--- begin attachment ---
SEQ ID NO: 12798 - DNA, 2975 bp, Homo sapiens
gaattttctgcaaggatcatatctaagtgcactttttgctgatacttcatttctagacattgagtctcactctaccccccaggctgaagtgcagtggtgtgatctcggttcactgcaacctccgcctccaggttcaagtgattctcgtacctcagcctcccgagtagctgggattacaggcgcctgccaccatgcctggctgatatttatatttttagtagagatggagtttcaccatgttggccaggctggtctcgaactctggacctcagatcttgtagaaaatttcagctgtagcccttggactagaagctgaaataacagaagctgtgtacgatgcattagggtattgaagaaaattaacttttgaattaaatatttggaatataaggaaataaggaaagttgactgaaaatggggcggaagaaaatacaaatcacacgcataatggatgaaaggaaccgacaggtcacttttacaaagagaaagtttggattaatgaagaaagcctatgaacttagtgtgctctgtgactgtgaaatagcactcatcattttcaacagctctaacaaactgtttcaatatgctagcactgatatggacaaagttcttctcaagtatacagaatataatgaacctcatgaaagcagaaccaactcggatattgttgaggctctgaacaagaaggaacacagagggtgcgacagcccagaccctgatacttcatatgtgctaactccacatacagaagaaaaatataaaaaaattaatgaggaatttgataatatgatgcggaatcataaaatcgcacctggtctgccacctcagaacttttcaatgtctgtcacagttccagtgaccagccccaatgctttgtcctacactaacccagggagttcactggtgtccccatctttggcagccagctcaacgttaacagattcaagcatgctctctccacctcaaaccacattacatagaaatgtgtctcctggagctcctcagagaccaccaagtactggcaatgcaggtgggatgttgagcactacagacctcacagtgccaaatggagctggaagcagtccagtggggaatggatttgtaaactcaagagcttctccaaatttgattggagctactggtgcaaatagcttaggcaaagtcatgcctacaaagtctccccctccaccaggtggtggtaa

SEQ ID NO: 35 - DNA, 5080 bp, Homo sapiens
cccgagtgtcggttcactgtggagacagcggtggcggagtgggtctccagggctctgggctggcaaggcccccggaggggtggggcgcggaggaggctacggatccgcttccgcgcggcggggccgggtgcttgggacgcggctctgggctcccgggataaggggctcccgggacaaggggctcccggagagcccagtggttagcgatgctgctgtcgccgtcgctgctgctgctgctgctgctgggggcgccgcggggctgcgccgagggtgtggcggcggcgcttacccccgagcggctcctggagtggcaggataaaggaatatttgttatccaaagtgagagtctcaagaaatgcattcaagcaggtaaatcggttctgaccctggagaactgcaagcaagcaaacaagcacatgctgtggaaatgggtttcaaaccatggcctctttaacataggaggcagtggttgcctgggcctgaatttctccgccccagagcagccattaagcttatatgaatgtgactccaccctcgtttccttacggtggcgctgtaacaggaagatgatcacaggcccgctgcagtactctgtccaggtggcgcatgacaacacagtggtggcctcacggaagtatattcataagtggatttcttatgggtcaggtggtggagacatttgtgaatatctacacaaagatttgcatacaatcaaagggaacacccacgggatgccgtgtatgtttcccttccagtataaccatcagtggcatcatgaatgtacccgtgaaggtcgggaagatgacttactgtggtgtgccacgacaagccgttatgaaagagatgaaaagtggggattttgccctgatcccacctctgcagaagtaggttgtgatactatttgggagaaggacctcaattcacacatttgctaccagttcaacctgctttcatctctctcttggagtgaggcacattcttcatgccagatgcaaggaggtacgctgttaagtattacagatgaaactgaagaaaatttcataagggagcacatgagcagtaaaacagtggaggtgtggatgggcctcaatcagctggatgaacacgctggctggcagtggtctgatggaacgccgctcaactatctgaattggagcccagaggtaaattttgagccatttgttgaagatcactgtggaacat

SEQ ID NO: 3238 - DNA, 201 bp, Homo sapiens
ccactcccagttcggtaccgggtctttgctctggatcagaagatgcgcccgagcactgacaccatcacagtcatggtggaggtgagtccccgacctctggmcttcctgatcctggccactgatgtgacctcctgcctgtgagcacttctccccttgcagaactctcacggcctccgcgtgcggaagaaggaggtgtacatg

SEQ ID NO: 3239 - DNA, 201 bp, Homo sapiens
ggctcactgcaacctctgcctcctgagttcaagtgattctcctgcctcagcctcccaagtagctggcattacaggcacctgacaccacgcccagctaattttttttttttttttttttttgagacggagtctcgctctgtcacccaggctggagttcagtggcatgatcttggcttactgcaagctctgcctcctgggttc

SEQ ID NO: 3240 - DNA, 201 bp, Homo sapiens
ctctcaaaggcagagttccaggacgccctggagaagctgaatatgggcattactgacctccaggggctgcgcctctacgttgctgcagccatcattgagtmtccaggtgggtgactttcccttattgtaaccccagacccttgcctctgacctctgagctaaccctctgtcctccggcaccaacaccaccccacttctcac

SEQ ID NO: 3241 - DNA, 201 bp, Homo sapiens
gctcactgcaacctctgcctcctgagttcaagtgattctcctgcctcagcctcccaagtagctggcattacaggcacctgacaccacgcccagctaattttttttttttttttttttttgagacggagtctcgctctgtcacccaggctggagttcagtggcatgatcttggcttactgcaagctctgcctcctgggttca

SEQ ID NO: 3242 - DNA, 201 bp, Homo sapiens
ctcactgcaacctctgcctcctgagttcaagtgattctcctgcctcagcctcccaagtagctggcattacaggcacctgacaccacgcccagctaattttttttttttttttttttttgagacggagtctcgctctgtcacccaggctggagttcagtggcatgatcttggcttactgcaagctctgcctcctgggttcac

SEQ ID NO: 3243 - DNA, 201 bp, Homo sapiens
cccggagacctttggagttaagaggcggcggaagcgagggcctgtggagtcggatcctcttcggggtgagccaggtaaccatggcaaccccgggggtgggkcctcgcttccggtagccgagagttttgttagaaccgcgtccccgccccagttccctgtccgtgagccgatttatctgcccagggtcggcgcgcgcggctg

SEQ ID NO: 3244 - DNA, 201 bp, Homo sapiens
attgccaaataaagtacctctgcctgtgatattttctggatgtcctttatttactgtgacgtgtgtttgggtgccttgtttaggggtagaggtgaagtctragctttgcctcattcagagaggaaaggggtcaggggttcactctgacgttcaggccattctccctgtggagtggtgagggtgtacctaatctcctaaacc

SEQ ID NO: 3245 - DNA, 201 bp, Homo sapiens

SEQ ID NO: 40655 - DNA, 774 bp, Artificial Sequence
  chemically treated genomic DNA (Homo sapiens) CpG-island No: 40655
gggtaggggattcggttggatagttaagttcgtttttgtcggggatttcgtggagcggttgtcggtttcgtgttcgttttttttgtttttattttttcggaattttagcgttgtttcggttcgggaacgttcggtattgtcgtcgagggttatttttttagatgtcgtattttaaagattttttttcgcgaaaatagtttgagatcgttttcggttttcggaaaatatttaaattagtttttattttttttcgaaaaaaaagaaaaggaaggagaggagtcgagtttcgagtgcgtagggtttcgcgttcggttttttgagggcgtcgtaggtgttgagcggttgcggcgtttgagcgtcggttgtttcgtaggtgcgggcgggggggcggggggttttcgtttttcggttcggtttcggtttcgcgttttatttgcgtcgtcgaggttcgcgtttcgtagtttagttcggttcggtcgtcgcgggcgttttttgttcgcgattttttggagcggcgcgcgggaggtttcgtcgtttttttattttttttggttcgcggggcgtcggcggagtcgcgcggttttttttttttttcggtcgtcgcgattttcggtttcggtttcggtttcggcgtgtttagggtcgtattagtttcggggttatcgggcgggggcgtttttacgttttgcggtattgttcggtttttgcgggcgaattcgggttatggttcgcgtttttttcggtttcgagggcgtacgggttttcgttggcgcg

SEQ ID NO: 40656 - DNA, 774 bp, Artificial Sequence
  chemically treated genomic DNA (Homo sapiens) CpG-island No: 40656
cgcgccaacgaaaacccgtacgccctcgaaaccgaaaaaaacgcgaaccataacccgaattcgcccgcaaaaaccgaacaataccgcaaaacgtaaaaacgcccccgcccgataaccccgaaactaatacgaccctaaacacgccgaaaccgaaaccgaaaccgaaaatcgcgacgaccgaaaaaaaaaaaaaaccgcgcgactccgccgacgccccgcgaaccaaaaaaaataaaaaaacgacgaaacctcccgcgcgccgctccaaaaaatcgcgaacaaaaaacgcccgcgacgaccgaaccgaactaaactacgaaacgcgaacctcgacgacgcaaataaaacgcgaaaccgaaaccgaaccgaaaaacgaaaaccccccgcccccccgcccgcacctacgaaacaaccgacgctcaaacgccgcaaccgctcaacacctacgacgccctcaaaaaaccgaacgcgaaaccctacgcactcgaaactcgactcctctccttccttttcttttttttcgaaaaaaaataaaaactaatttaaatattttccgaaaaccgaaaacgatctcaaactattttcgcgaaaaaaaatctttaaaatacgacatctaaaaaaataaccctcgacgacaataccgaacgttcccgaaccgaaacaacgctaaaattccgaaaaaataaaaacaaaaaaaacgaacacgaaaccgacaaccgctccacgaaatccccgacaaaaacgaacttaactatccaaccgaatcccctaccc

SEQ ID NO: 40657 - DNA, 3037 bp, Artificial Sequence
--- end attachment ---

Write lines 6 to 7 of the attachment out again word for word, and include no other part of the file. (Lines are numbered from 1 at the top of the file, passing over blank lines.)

ccactcccagttcggtaccgggtctttgctctggatcagaagatgcgcccgagcactgacaccatcacagtcatggtggaggtgagtccccgacctctggmcttcctgatcctggccactgatgtgacctcctgcctgtgagcacttctccccttgcagaactctcacggcctccgcgtgcggaagaaggaggtgtacatg

SEQ ID NO: 3239 - DNA, 201 bp, Homo sapiens